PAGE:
Brief Fact Summary. Plaintiff seeks replevin of paintings thirty years after their alleged theft.
Synopsis of Rule of Law. In an action for replevin, the plaintiff’s cause of action accrues only after the cause of action is discovered by due diligence in the pursuit of the wrongfully detained property.
The court concluded that the discovery rule applies to an action for replevin of a painting the plaintiff's cause of action accrued when she first knew, or reasonably should have known through the exercise of due diligence, of the cause of action, including the identity of the possessor of the paintings.View Full Point of Law
Issue. May Plaintiff maintain this action for replevin even though thirty years has passed since the paintings were in her possession?
Held. Yes. Judgment of appellate division in favor of Plaintiff reversed and remanded for trial.
The Court notes that, on the record, it cannot be determined who has title to the paintings and that a trial is necessary. The Court then turns to a discussion of the law to be applied at trial. The Court notes the general principle that a thief has only void title. Also, the Court noted the U.C.C. provisions on voidable title, but insofar as those issues were not before the Court, it declined to rule on such theories. The Court found the critical question to be that of the statute of limitations for replevin of six years from the time the cause of action accrues.
The Court applies the “discovery rule” which is that a cause of action will not accrue until the injured party discovers, or by exercise of reasonable diligence and intelligence should have discovered, facts which form the basis of a cause of action. In this case Plaintiff had been reasonably diligent in attempting to discover the location of the paintings, and when it was discovered that the paintings were owned by Defendant, Plaintiff did commence the present action for replevin within the six years of such discovery.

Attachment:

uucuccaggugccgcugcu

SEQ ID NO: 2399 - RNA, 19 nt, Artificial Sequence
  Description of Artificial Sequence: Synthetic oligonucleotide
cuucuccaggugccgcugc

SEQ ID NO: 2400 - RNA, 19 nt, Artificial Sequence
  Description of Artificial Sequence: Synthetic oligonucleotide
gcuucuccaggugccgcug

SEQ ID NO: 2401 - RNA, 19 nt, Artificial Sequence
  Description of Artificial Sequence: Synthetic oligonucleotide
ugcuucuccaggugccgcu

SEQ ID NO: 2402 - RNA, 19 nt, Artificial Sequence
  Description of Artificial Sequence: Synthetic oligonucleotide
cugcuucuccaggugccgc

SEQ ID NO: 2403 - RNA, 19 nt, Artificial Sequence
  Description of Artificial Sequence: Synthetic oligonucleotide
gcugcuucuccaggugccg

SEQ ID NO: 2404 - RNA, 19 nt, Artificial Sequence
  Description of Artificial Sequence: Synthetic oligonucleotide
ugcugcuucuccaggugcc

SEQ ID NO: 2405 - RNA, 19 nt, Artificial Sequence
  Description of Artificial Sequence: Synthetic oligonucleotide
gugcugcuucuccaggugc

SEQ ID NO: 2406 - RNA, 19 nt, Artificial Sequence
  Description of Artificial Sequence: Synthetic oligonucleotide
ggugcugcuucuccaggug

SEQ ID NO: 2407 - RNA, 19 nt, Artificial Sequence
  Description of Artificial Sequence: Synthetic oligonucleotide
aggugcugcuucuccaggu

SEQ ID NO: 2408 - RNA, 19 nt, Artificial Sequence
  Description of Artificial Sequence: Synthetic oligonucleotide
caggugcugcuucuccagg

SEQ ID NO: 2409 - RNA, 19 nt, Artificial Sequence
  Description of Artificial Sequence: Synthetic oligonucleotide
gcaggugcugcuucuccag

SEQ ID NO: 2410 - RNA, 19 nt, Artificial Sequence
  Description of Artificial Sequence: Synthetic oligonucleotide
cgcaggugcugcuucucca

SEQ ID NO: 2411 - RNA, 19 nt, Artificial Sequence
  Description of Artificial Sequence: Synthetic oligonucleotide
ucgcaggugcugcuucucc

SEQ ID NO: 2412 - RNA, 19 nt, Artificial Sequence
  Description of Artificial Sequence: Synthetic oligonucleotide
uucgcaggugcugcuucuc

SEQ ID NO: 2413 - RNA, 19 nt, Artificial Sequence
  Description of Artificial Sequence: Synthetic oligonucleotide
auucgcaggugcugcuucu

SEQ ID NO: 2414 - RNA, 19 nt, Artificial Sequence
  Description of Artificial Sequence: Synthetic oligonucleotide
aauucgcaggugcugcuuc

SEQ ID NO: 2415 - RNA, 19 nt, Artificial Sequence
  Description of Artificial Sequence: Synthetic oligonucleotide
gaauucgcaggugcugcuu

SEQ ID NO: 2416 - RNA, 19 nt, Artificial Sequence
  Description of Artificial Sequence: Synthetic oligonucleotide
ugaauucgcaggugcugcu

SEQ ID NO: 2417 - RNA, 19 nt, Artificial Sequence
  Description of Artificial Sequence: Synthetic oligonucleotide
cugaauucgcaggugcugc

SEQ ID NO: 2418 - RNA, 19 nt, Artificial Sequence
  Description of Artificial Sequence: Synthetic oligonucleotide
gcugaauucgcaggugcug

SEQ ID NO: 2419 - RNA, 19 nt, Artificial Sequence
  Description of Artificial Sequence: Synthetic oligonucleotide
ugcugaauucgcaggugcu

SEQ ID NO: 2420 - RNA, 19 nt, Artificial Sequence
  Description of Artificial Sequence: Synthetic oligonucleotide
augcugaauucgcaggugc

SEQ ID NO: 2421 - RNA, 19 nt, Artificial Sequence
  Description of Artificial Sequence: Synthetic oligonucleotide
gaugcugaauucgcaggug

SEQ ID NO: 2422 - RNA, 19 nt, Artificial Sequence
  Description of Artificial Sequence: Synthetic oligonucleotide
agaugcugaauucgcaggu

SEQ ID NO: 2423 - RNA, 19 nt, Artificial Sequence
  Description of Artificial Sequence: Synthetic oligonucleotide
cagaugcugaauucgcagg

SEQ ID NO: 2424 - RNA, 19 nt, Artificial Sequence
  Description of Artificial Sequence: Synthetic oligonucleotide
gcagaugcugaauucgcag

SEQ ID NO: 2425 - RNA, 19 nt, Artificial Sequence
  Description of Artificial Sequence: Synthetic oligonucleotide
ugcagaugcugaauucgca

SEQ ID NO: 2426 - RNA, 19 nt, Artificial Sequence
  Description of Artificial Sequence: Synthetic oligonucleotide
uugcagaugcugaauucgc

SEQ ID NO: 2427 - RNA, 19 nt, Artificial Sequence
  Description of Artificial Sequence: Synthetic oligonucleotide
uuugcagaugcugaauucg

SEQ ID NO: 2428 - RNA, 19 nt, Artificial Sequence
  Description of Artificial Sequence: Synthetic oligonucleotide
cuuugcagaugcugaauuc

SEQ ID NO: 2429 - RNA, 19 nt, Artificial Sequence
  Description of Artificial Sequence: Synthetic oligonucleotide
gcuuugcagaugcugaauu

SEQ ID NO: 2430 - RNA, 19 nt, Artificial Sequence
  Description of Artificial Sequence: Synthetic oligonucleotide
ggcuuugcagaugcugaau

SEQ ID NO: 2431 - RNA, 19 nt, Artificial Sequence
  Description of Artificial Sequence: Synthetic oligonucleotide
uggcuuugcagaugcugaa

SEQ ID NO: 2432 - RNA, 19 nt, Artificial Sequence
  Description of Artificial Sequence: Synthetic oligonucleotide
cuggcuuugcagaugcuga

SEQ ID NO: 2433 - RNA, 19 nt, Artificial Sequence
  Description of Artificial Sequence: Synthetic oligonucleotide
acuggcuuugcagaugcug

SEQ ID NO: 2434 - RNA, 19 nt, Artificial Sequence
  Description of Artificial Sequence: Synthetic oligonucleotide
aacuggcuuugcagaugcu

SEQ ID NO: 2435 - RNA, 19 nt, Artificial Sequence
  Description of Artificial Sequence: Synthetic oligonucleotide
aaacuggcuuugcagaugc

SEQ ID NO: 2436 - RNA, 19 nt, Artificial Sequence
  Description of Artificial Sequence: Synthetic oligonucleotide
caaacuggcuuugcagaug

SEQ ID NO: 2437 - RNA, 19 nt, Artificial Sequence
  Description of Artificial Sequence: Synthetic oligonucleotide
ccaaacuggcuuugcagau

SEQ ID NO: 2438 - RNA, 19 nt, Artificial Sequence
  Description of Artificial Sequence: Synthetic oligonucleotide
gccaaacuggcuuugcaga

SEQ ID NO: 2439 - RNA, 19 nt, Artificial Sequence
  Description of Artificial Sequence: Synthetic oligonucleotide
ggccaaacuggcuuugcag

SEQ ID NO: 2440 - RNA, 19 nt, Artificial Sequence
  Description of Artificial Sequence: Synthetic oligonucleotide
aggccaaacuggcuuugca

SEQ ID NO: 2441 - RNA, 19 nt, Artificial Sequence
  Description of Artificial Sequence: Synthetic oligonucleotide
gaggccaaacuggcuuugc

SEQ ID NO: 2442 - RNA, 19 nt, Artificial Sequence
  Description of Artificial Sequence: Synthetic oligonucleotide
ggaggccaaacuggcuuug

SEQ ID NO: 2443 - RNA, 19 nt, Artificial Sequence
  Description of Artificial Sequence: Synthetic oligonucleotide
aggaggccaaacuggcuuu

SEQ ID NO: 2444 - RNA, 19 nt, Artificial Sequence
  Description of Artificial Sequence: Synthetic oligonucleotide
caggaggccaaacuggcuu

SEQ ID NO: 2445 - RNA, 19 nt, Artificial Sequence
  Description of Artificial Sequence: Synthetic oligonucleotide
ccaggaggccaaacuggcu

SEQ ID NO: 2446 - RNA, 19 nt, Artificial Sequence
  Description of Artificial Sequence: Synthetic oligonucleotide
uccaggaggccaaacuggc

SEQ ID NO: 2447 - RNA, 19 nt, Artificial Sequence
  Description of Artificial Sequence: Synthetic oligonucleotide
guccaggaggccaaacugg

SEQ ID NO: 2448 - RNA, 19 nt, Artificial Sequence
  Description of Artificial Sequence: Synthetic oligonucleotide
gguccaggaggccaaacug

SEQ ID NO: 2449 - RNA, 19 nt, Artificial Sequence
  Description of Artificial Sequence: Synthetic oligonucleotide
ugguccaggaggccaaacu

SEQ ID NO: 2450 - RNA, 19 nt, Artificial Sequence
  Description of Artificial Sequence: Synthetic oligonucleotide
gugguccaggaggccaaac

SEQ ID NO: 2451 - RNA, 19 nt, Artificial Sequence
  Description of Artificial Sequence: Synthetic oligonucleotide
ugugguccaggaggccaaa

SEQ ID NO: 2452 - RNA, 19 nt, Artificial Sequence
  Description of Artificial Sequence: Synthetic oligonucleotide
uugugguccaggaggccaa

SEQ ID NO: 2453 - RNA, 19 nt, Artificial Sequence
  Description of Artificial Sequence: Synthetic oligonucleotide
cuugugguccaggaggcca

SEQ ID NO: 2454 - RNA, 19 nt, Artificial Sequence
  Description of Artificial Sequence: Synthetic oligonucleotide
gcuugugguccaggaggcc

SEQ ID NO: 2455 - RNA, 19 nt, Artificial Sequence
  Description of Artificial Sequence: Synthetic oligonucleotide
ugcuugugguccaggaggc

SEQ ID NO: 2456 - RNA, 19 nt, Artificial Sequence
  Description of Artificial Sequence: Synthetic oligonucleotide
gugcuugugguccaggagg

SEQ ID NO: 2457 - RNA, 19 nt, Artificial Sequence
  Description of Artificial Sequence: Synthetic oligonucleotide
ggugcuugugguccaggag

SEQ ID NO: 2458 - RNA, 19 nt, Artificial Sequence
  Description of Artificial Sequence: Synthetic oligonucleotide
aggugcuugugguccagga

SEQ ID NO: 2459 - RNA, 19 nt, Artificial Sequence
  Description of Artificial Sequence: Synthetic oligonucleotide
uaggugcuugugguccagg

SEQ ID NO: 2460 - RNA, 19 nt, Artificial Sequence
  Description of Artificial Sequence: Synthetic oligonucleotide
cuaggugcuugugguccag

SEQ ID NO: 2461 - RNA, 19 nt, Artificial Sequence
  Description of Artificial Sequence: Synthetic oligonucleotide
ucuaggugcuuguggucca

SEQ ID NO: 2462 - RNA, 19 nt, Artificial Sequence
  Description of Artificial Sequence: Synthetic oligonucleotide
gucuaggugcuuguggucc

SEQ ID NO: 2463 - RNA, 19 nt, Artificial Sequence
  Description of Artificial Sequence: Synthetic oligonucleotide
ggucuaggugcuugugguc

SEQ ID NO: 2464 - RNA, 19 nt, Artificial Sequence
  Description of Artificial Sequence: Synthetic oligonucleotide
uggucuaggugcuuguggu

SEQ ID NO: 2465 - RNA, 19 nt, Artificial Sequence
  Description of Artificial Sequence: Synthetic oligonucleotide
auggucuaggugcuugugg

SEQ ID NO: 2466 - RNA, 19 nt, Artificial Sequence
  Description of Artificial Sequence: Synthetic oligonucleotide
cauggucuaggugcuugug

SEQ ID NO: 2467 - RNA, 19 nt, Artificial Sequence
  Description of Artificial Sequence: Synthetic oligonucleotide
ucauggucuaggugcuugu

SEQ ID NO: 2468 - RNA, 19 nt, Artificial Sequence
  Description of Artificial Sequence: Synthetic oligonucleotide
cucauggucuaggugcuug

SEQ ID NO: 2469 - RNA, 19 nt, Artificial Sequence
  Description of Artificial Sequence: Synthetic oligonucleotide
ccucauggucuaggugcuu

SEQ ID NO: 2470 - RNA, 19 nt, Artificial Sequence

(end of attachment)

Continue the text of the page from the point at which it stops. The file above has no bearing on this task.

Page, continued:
The Court notes that the acquisition of property by adverse possession is based on the expiration of a statute of limitations and that the adverse possession must be hostile, actual, visible, exclusive, and continuous. The Court found only two prior New Jersey cases applying the defense of adverse possession to suits involving chattels (personal property). The Court found the reasoning in those cases to be unpersuasive and, through this decision, announced a new rule. The Court is going to apply the discovery rule to these cases. In the adverse possession defense the burden of proof is on the defendant to establish the elements of the defense; in the discovery rule of limitations the burden of proof is on the plaintiff (one seeking replevin as rightful owner) to establish the right of ownership and the timely filing of the suit. The Court finds this approach to be more equitable.
The Court notes that the practical effect of limitation of title, whether by adverse possession (now applicable to real estate only) or by the expiration of the statute of limitations, is to vest title with the possessor. The Court notes that this is proper insofar as the goal of the statues of limitation is to promote speedy resolution of claims and to provide repose in the possession and enjoyment of property. The Court applies this rule of vesting to avoid the cases where the possessor transfers a chattel to another and the statute of limitations is tolled. The Court finds the discovery rule to be the proper rule to avoid conflicts and uncertainty.
Discussion. This case is an excellent discussion of the elements of title by adverse possession, even though the Court declines to apply adverse possession to these facts. Also, it is critically important to understand the language and the operation of the statutes of limita